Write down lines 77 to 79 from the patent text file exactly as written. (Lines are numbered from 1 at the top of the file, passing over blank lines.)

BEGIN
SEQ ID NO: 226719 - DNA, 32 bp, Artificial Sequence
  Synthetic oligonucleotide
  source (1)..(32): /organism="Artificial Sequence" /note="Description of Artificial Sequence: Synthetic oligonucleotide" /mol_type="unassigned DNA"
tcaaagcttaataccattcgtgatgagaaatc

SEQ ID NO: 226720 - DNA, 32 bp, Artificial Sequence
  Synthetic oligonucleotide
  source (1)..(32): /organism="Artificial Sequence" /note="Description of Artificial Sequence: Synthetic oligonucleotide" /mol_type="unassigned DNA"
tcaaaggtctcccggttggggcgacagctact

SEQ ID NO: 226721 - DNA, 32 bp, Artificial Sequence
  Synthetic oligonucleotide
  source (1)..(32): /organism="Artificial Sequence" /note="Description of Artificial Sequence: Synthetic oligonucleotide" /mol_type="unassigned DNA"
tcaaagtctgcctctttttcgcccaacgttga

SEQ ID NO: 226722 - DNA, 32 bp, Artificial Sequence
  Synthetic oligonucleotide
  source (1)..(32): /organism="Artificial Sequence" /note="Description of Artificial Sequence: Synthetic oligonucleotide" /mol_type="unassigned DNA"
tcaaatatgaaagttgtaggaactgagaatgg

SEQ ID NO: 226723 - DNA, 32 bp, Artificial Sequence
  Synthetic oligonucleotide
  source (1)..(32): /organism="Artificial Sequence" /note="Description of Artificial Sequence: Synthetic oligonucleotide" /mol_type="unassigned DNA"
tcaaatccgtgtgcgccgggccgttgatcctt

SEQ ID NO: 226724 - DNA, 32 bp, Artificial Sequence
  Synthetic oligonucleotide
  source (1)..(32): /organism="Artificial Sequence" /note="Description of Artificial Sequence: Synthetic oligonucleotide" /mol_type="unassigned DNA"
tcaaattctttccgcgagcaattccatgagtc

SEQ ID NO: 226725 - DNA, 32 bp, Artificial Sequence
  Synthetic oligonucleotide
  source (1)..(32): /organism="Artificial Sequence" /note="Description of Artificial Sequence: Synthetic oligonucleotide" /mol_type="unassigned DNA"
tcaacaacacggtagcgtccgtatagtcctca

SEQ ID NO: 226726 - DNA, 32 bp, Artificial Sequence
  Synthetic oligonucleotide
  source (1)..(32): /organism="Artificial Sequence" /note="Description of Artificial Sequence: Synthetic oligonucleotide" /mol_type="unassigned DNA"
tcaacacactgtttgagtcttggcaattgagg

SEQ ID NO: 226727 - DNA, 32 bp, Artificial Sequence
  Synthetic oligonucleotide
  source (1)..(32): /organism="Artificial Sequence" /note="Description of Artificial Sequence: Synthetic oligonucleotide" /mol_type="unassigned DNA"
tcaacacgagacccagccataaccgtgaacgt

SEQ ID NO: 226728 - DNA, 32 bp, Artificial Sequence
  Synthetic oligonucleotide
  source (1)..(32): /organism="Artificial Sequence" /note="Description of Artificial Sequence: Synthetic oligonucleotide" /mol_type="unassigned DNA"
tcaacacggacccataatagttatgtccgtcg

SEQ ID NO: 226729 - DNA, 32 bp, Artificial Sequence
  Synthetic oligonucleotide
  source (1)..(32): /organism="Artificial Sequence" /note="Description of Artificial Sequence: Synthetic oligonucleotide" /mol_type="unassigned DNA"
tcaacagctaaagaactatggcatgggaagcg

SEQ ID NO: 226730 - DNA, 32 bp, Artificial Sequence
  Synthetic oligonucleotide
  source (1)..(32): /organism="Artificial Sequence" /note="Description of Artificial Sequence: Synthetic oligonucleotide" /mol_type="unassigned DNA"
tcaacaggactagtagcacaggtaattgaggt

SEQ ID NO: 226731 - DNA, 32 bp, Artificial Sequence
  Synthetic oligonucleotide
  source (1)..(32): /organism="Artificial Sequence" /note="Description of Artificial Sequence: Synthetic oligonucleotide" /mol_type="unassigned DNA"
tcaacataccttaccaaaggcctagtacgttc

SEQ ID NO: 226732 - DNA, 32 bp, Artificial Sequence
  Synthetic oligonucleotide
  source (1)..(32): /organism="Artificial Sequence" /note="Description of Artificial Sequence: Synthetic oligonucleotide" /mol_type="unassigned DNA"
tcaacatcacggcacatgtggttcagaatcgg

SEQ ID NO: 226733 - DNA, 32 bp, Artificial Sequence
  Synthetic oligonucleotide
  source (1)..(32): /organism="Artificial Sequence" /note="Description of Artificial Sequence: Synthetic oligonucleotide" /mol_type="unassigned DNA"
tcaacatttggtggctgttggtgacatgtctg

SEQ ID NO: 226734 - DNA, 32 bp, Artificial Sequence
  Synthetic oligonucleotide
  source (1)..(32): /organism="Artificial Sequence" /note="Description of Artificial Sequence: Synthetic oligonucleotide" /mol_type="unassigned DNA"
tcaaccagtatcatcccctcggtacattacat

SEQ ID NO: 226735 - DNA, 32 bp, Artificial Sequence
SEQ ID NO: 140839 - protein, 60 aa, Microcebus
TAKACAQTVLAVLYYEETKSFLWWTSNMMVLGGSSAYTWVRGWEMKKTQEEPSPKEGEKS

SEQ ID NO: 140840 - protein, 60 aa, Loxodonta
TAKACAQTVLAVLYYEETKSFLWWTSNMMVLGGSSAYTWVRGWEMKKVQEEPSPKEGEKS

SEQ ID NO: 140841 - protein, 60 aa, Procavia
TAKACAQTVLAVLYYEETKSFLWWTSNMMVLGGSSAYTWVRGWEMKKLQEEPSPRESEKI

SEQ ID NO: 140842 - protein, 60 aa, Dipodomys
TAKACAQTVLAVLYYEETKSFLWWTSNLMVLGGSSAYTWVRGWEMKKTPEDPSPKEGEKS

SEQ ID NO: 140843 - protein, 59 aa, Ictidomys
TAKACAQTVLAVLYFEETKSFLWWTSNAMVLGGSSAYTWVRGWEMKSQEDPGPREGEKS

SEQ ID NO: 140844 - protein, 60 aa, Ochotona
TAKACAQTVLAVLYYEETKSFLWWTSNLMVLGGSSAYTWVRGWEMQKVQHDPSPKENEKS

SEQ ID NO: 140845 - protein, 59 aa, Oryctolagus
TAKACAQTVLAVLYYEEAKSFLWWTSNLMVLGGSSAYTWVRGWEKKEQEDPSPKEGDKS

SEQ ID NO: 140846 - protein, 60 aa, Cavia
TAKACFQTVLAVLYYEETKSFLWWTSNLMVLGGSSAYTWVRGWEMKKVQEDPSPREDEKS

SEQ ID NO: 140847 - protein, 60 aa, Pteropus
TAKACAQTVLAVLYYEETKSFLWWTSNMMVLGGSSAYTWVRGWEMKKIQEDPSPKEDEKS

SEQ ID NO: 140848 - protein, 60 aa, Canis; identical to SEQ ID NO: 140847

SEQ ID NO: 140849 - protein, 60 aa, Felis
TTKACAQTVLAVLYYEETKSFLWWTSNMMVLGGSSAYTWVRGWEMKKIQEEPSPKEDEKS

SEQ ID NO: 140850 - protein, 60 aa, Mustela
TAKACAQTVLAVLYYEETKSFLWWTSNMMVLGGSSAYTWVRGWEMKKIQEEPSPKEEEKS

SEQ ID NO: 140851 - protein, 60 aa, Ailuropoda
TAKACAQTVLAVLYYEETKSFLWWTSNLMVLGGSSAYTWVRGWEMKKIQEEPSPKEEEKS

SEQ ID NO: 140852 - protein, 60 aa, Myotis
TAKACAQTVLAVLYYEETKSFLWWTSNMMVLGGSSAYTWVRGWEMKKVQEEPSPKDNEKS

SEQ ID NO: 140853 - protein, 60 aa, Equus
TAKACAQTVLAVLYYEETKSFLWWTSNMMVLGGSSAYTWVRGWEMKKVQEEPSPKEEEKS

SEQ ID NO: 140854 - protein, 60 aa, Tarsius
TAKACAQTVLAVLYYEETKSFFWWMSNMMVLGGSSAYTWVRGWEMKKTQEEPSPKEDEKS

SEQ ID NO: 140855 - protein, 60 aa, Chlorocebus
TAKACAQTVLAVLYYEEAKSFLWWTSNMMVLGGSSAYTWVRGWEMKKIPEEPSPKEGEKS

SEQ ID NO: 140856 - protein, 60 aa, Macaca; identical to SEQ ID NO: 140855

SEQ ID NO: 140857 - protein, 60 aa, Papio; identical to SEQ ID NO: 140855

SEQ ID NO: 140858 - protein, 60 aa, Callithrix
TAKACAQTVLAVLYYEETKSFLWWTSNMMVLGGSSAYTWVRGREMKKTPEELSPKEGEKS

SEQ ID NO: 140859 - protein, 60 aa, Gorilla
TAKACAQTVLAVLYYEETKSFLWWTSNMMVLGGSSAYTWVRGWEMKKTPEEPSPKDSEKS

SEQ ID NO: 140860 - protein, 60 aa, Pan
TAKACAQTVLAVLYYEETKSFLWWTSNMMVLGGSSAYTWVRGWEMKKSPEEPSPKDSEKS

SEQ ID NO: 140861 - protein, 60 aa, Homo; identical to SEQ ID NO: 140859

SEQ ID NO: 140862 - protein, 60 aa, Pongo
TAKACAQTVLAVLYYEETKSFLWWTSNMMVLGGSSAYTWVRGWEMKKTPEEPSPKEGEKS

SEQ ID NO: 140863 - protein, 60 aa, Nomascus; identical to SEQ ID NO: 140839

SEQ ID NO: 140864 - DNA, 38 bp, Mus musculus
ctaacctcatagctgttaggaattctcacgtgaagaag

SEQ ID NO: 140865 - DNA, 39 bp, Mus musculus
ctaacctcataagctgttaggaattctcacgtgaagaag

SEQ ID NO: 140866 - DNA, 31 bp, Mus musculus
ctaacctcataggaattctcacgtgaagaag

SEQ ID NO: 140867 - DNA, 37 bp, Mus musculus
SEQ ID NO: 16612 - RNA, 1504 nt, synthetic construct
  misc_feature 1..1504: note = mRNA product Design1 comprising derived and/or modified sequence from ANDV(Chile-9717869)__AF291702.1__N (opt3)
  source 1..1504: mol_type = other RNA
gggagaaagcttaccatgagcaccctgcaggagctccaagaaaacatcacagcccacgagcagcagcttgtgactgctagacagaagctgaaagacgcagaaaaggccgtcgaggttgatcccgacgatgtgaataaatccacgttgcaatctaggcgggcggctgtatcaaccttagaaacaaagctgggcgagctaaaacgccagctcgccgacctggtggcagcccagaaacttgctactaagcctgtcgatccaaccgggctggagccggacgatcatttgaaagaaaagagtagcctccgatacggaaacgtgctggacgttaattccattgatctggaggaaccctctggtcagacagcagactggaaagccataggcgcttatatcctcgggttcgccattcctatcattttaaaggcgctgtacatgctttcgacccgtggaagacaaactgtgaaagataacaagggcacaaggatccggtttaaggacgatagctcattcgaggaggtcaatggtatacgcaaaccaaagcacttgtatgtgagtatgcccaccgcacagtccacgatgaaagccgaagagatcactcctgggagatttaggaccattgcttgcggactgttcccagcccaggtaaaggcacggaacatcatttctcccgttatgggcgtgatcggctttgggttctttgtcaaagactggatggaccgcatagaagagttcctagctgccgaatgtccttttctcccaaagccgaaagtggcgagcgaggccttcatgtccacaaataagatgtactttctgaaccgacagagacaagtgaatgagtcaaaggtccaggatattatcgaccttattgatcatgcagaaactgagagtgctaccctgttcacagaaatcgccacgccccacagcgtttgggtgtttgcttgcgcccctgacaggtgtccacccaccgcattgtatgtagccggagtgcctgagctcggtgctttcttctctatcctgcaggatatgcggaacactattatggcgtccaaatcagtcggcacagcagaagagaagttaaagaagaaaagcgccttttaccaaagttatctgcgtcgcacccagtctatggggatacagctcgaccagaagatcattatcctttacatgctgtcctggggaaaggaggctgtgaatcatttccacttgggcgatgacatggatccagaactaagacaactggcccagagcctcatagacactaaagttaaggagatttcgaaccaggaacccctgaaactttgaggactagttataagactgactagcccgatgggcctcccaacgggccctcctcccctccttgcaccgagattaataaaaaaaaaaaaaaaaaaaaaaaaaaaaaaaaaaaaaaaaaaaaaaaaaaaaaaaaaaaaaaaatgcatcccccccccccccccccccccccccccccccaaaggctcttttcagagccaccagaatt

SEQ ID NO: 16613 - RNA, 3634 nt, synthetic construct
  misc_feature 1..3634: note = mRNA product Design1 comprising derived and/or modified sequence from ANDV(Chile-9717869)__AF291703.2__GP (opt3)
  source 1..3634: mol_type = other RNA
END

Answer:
TAKACAQTVLAVLYYEETKSFLWWTSNLMVLGGSSAYTWVRGWEMQKVQHDPSPKENEKS

SEQ ID NO: 140845 - protein, 59 aa, Oryctolagus
TAKACAQTVLAVLYYEEAKSFLWWTSNLMVLGGSSAYTWVRGWEKKEQEDPSPKEGDKS